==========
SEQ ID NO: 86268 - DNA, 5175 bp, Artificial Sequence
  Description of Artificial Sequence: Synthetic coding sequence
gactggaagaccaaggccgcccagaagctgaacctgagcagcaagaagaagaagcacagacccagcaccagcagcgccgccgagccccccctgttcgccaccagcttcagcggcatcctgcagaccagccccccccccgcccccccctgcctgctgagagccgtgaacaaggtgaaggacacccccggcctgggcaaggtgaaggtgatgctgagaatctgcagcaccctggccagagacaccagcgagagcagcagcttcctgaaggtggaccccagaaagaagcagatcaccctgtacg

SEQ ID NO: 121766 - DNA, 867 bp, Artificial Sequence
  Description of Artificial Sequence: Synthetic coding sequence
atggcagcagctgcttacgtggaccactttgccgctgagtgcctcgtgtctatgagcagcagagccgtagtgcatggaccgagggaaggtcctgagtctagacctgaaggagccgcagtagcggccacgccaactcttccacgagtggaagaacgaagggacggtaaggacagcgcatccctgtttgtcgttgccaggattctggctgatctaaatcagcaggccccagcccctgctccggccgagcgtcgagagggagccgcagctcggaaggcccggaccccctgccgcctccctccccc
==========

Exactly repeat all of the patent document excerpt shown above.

SEQ ID NO: 86268 - DNA, 5175 bp, Artificial Sequence
  Description of Artificial Sequence: Synthetic coding sequence
gactggaagaccaaggccgcccagaagctgaacctgagcagcaagaagaagaagcacagacccagcaccagcagcgccgccgagccccccctgttcgccaccagcttcagcggcatcctgcagaccagccccccccccgcccccccctgcctgctgagagccgtgaacaaggtgaaggacacccccggcctgggcaaggtgaaggtgatgctgagaatctgcagcaccctggccagagacaccagcgagagcagcagcttcctgaaggtggaccccagaaagaagcagatcaccctgtacg

SEQ ID NO: 121766 - DNA, 867 bp, Artificial Sequence
  Description of Artificial Sequence: Synthetic coding sequence
atggcagcagctgcttacgtggaccactttgccgctgagtgcctcgtgtctatgagcagcagagccgtagtgcatggaccgagggaaggtcctgagtctagacctgaaggagccgcagtagcggccacgccaactcttccacgagtggaagaacgaagggacggtaaggacagcgcatccctgtttgtcgttgccaggattctggctgatctaaatcagcaggccccagcccctgctccggccgagcgtcgagagggagccgcagctcggaaggcccggaccccctgccgcctccctccccc